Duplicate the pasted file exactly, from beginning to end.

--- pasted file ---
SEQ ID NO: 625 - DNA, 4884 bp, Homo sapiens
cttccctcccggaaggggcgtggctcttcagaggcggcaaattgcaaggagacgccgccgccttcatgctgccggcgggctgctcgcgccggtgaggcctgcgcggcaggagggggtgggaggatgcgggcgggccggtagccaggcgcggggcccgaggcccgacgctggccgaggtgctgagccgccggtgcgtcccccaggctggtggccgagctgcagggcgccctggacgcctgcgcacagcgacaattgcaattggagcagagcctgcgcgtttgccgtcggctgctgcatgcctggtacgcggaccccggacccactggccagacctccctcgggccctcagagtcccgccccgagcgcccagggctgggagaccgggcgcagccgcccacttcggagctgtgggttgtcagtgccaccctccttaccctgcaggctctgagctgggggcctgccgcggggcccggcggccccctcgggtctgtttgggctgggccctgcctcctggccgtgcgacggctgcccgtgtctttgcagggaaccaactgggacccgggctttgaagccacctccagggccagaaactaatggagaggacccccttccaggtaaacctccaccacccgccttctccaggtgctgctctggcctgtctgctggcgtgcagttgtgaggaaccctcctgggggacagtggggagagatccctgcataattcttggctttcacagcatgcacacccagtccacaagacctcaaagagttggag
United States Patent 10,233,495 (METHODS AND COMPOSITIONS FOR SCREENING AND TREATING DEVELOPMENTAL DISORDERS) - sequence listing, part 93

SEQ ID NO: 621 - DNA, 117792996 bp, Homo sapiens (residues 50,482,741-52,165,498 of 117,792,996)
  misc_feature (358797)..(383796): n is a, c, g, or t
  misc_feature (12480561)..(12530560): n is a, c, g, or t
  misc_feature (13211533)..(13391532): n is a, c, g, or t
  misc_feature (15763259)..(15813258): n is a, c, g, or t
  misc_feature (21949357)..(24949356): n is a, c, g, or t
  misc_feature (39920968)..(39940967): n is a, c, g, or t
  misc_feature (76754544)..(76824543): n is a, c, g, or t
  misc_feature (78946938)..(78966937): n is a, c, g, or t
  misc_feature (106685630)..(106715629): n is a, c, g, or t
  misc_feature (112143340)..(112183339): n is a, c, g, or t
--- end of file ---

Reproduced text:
SEQ ID NO: 625 - DNA, 4884 bp, Homo sapiens
cttccctcccggaaggggcgtggctcttcagaggcggcaaattgcaaggagacgccgccgccttcatgctgccggcgggctgctcgcgccggtgaggcctgcgcggcaggagggggtgggaggatgcgggcgggccggtagccaggcgcggggcccgaggcccgacgctggccgaggtgctgagccgccggtgcgtcccccaggctggtggccgagctgcagggcgccctggacgcctgcgcacagcgacaattgcaattggagcagagcctgcgcgtttgccgtcggctgctgcatgcctggtacgcggaccccggacccactggccagacctccctcgggccctcagagtcccgccccgagcgcccagggctgggagaccgggcgcagccgcccacttcggagctgtgggttgtcagtgccaccctccttaccctgcaggctctgagctgggggcctgccgcggggcccggcggccccctcgggtctgtttgggctgggccctgcctcctggccgtgcgacggctgcccgtgtctttgcagggaaccaactgggacccgggctttgaagccacctccagggccagaaactaatggagaggacccccttccaggtaaacctccaccacccgccttctccaggtgctgctctggcctgtctgctggcgtgcagttgtgaggaaccctcctgggggacagtggggagagatccctgcataattcttggctttcacagcatgcacacccagtccacaagacctcaaagagttggag
United States Patent 10,233,495 (METHODS AND COMPOSITIONS FOR SCREENING AND TREATING DEVELOPMENTAL DISORDERS) - sequence listing, part 93

SEQ ID NO: 621 - DNA, 117792996 bp, Homo sapiens (residues 50,482,741-52,165,498 of 117,792,996)
  misc_feature (358797)..(383796): n is a, c, g, or t
  misc_feature (12480561)..(12530560): n is a, c, g, or t
  misc_feature (13211533)..(13391532): n is a, c, g, or t
  misc_feature (15763259)..(15813258): n is a, c, g, or t
  misc_feature (21949357)..(24949356): n is a, c, g, or t
  misc_feature (39920968)..(39940967): n is a, c, g, or t
  misc_feature (76754544)..(76824543): n is a, c, g, or t
  misc_feature (78946938)..(78966937): n is a, c, g, or t
  misc_feature (106685630)..(106715629): n is a, c, g, or t
  misc_feature (112143340)..(112183339): n is a, c, g, or t